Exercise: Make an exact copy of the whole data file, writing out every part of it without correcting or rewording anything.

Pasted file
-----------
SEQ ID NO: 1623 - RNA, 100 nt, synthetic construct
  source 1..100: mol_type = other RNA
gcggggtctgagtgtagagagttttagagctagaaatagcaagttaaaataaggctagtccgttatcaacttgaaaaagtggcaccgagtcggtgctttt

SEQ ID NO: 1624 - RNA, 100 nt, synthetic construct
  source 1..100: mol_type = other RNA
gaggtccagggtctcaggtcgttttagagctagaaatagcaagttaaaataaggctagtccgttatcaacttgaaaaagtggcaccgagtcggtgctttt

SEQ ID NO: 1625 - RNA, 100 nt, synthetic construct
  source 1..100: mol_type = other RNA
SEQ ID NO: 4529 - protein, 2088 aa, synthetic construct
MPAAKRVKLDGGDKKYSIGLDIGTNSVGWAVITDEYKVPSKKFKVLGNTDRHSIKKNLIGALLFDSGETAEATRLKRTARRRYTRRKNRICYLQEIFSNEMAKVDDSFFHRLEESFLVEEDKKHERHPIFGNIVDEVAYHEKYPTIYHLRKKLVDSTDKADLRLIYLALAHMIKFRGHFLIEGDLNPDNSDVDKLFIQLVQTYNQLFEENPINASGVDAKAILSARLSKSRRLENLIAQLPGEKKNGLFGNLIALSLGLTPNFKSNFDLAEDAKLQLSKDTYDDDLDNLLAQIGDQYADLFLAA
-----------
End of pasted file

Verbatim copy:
SEQ ID NO: 1623 - RNA, 100 nt, synthetic construct
  source 1..100: mol_type = other RNA
gcggggtctgagtgtagagagttttagagctagaaatagcaagttaaaataaggctagtccgttatcaacttgaaaaagtggcaccgagtcggtgctttt

SEQ ID NO: 1624 - RNA, 100 nt, synthetic construct
  source 1..100: mol_type = other RNA
gaggtccagggtctcaggtcgttttagagctagaaatagcaagttaaaataaggctagtccgttatcaacttgaaaaagtggcaccgagtcggtgctttt

SEQ ID NO: 1625 - RNA, 100 nt, synthetic construct
  source 1..100: mol_type = other RNA
SEQ ID NO: 4529 - protein, 2088 aa, synthetic construct
MPAAKRVKLDGGDKKYSIGLDIGTNSVGWAVITDEYKVPSKKFKVLGNTDRHSIKKNLIGALLFDSGETAEATRLKRTARRRYTRRKNRICYLQEIFSNEMAKVDDSFFHRLEESFLVEEDKKHERHPIFGNIVDEVAYHEKYPTIYHLRKKLVDSTDKADLRLIYLALAHMIKFRGHFLIEGDLNPDNSDVDKLFIQLVQTYNQLFEENPINASGVDAKAILSARLSKSRRLENLIAQLPGEKKNGLFGNLIALSLGLTPNFKSNFDLAEDAKLQLSKDTYDDDLDNLLAQIGDQYADLFLAA